CHARLESTON, W.Va. (AP) — The West Virginia State Police is making it easier for organizations that serve children, the elderly and disabled individuals to obtain the results of federal background checks of potential employees.
The agency has revised its policy to allow the state's background check contractor, MorphoTrust, to submit potential employees' fingerprints to the FBI. MorphoTrust would receive the results and provide them to the employer.
Previously, the employer had to obtain the fingerprints from MorphoTrust and submit them to the FBI with a signed released from the job seeker. The job seeker would receive the results and provide them to the employer.
"We're excited about it. It does exactly what we wanted it to do. It works well for our population, because there's not another process or mechanism," Mark Drennan, executive director of the West Virginia Behavioral Health Care Providers Association, told the Charleston Daily Mail (http://bit.ly/10ck2p6 ).
Drennan said the old process was cumbersome and potentially dangerous because job seekers could tamper with the results.
"It'll cause better information that goes back to the individual entities that are making decisions about foster parents or volunteers and employees, and it will speed up the process," said Scott Boileau, executive director of the Alliance for Children, Inc. "I'm encouraged."
Drennan and Boileau had been working with state lawmakers to draft a bill that would streamline the state's background check system. They say that legislation is no longer necessary.
Boileau and Drennan appeared before the Legislature's Select Committee on PEIA, Seniors and Long Term Care in January to discuss problems their organizations were having with the state background check system and with MorphoTrust.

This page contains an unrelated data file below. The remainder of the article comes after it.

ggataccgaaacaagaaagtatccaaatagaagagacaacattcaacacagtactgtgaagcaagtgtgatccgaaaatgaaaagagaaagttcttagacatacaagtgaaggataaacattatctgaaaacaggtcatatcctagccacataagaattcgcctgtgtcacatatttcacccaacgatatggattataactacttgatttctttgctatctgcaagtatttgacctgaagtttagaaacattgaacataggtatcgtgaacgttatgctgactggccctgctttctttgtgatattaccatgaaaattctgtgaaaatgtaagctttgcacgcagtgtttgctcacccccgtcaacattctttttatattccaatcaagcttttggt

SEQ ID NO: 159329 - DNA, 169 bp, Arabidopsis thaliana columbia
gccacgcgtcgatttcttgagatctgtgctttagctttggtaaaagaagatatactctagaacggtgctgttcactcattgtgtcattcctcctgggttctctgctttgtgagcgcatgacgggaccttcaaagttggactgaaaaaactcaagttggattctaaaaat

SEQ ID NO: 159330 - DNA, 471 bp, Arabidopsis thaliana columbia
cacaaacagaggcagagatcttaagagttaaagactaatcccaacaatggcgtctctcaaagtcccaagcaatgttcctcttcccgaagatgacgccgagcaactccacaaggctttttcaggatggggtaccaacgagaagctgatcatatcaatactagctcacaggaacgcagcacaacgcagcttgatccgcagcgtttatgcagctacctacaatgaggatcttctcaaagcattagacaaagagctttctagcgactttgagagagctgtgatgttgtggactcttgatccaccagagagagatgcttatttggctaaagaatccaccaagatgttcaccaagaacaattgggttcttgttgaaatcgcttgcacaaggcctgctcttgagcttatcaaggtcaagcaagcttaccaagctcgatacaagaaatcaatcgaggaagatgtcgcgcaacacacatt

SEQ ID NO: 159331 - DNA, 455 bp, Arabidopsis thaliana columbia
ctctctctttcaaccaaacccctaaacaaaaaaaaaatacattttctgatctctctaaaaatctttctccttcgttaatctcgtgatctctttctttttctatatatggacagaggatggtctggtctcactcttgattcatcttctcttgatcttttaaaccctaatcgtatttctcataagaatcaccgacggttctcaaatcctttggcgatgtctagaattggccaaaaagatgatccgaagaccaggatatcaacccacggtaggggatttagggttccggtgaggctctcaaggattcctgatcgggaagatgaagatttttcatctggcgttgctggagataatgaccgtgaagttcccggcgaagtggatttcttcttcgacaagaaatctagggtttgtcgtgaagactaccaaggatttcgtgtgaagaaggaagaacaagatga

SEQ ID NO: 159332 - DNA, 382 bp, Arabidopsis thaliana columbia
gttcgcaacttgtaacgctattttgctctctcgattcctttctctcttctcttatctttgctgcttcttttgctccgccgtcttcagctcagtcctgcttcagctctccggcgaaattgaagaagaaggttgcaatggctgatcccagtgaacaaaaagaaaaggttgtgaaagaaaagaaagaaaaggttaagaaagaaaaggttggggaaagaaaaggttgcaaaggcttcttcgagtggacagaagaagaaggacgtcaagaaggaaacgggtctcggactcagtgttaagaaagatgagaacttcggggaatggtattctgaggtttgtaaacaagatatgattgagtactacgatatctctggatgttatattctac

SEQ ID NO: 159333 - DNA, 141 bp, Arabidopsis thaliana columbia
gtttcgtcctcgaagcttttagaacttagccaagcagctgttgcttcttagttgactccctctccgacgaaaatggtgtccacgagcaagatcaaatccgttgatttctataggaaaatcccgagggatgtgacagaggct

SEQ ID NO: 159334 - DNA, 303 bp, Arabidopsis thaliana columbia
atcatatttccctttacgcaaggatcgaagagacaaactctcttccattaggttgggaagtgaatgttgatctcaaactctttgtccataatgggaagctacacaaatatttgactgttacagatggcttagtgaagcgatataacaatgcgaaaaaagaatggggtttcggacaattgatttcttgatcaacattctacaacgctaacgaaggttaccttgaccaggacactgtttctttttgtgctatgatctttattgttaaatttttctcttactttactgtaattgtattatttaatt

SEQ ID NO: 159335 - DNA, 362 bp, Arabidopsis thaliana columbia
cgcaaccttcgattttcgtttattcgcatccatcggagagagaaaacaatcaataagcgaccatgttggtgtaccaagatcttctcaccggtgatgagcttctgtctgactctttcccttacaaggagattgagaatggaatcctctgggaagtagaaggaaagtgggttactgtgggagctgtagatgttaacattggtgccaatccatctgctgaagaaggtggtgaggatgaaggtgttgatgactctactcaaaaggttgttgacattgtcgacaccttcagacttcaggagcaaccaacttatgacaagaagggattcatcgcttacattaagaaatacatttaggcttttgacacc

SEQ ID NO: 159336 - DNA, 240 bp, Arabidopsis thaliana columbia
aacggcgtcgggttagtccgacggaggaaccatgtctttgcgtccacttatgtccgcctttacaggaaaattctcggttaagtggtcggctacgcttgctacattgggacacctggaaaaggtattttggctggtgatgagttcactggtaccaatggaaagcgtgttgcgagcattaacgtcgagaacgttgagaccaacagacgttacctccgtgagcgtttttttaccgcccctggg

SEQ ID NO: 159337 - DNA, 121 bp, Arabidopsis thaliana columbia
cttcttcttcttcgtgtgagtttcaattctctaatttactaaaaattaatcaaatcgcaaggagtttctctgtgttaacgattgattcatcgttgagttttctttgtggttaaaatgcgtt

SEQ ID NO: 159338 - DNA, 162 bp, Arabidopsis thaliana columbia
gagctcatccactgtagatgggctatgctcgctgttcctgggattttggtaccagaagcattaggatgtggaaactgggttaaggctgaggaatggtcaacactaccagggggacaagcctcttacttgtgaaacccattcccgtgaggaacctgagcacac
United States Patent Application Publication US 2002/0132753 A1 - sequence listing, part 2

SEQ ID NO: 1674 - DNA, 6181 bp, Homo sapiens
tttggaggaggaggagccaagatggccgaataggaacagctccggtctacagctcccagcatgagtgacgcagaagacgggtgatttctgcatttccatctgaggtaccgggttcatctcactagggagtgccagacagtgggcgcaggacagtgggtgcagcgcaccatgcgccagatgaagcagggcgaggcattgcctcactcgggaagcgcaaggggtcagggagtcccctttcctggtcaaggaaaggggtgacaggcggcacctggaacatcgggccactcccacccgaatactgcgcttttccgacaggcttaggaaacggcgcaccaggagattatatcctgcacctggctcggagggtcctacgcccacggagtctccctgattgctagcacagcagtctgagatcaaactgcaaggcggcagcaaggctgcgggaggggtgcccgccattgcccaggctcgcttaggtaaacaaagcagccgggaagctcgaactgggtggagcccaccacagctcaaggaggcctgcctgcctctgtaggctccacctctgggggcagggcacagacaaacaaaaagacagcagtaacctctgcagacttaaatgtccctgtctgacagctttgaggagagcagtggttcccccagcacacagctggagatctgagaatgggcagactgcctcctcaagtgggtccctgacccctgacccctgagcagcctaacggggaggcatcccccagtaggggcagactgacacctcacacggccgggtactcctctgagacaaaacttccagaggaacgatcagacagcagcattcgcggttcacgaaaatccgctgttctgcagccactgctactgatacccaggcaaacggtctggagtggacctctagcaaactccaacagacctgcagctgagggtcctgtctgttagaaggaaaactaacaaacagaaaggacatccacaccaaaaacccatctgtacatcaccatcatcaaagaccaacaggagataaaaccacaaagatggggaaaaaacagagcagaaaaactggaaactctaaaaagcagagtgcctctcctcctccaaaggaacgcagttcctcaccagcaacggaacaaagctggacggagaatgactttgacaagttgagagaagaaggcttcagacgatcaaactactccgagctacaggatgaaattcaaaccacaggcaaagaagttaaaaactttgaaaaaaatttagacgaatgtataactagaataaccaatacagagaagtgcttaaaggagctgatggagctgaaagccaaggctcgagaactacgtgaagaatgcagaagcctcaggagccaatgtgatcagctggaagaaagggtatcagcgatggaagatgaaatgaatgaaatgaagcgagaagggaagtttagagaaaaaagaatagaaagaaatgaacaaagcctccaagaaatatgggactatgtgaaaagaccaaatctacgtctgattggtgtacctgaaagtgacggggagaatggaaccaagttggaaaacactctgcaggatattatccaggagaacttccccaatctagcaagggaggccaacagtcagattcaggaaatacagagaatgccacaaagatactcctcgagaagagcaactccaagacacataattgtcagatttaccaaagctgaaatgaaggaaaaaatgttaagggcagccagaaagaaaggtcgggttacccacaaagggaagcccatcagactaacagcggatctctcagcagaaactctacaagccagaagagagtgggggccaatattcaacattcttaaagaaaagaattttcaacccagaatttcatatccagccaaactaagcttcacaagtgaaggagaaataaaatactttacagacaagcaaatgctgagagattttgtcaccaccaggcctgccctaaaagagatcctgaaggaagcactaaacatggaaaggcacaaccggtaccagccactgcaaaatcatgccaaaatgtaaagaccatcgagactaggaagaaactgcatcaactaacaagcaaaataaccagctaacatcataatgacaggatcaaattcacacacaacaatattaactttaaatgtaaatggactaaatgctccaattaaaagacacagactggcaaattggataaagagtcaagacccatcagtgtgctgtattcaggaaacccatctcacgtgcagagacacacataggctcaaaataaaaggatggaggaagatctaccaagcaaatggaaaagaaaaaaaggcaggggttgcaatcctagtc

Drennan said MorphoTrust didn't have enough locations in the state to accommodate all areas. This caused delays before some employers received the results of background checks for potential employees.
There also were billing problems. Some businesses were billed multiple times for the same background statements. Others received statements intended for other businesses.
MorphoTrust has been working to correct these problems.
"It doesn't matter to me how big or small the state is, we gave our word this thing would operate right," said Charles Carroll, MorphoTrust senior vice president. "We have big customers. I have New York, Texas, a number of very big states. We've never had any difficulties with them."
The company has increased its locations in West Virginia from 12 to 17. Two more locations are planned in the next month or so.
Carroll said the company also wants to establish a card scanning center in West Virginia, which would provide a quicker turnaround time for state background checks when clients' fingerprints must be taken using the ink-and-paper method. Fingerprint cards are now shipped to Nashville, Tenn.